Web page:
It’s His Turn
by James Burns
When you think of the mystique Duke basketball emanates, you think of a perennial Top-5 program, championship-caliber seasons and Christian Laettner’s turn-around jumper against Kentucky.
Images of Bobby Hurley dribbling the ball up court or Grant Hill on the receiving end of an alley-oop pass pop into your head. And the list of names and accomplishments goes on. Duke has made it a habit of pumping loads of talent into the NBA circuit, many of which have been viable first round selections.
Case in point: Jay Williams and Mike Dunleavy recently went No. 2 and No. 3 in the 2002 NBA Draft.
The games, like the names, are just as memorable – Duke-Kentucky or Duke-UNLV. Both early 90’s NCAA Tournament contests have been deemed classics by sports enthusiasts and sportscasters alike.
But Duke-North Carolina takes the cake, year in and year out. With two ACC-regular season match-ups and an inevitable conference tourney meeting, each showdown is sure to grab the nation’s attention for at least two overtime periods.
But as the Blue Devils prepare to embark on a new season, they do so with little transition from last season’s Final Four team. Dunleavy and Williams have taken their big play performances to a couple of NBA losers (Golden State and Chicago, respectively) and the Blue Devils’ lone inside threat, Carlos Boozer, also made the jump to the pros.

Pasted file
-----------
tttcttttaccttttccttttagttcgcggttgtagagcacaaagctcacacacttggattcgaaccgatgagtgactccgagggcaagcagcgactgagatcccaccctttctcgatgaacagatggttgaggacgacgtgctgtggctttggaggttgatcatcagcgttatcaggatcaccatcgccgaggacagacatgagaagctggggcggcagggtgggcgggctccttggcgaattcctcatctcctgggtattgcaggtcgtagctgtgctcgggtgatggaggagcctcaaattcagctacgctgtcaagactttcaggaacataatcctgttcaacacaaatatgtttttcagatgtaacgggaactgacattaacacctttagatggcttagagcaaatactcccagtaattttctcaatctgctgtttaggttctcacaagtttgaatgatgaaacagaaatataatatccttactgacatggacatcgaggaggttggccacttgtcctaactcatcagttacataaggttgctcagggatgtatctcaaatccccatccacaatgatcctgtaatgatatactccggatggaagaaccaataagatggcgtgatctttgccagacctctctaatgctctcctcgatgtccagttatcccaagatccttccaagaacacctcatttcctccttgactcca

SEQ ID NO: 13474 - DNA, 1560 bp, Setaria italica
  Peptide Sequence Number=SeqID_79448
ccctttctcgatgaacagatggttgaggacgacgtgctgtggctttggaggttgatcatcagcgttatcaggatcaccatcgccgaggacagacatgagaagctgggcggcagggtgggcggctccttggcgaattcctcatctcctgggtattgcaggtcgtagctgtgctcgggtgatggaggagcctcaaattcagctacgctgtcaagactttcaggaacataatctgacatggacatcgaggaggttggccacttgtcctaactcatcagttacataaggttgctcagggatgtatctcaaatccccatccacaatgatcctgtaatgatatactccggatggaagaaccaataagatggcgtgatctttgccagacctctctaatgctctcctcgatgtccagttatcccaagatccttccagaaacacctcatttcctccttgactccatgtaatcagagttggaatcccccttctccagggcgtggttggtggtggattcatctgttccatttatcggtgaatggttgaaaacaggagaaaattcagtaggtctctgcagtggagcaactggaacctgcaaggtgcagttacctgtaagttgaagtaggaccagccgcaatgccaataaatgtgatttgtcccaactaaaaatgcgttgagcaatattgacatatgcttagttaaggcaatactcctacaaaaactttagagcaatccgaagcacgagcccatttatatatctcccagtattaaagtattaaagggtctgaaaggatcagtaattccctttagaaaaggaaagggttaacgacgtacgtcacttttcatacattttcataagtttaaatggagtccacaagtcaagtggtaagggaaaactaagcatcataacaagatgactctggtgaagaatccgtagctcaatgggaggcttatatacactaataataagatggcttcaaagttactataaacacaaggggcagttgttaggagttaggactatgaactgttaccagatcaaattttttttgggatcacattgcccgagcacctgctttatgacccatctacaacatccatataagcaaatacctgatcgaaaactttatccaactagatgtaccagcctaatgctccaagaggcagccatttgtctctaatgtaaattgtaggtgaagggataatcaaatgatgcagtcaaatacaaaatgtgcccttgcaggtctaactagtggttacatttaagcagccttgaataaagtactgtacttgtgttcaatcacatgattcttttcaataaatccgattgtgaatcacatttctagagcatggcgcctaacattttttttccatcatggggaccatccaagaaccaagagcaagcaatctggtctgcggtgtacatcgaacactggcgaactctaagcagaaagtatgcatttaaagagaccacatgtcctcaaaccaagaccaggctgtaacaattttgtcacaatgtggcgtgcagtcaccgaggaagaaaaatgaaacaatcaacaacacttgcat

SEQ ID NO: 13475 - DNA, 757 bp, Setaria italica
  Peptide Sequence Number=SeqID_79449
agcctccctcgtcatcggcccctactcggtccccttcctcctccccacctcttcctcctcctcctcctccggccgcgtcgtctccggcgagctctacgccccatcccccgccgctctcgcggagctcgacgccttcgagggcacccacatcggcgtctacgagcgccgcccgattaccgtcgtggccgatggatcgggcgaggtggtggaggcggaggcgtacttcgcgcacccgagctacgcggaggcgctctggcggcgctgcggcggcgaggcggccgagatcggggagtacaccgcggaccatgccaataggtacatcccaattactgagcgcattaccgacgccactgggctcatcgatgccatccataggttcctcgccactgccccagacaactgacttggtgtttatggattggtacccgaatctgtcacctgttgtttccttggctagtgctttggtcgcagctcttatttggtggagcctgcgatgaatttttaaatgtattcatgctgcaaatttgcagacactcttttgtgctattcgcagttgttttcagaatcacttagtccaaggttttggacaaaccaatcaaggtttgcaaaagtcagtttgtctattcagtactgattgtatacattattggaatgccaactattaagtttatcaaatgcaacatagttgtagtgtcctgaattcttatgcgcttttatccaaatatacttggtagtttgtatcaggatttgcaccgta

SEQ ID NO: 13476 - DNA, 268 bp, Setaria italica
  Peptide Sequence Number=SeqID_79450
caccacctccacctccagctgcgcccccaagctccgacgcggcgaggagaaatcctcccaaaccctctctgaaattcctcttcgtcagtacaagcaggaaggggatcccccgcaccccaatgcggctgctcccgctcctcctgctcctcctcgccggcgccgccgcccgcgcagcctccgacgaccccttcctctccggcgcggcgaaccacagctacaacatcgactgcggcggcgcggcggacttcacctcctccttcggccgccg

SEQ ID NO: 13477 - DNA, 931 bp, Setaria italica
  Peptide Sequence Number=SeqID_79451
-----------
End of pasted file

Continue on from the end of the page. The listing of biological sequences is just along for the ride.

This season, unlike any other in recent memory, Duke will be led by a faceless warrior with a name that doesn’t quite ring a bell either. Virtually invisible on the college basketball radar screen a year ago, Chris Duhon has the inevitable challenge of maintaining Duke’s prominence.
Without all the hype and hoopla of Duke greats before him, Duhon will need to build his own legacy from scratch. Where as in the past, the names made for great games; this season, the name Duhon creates for himself will determine just how memorable the games are.
It’s sad but true.
However, it’s hard to believe Duhon isn’t already a household name.
Williams’ sidekick from a year ago, the soft-spoken guard, believe it or not, led the Blue Devils in minutes (1,229) and minutes per game (35.1). With all that talent, he – not Williams, Boozer or Dunleavy – had more to do with Duke’s 31-win season.
And, while the three NBA-bound players were busy fighting over ESPN clips and postgame interviews, Duhon was busy leading the team in assists and steals.
There will be no such struggle this year, the team captain will be head coach Mike Krzyzewski’s No. 1 option. The 6-foot-1 guard should handle a majority of the offense, building on his scoring average a season ago (8.9 points per game).
Duhon showed glimpses of stardom during last season’s season-finale against Indiana. With Dunleavy and Williams struggling, shooting just 4-for-16 during the first half, Duhon put the Blue Devils on his shoulders helping them build a huge halftime lead.
Duhon sparked Duke’s offense, shooting 3-for-5 from the field for seven big points, before ducking back in the shadows of Williams and co.
Now its Duhon’s team, his turn to mold and shape the aura of this program. It’s his turn to add to the mystique and prominence of this longtime ACC power.
It’s his turn.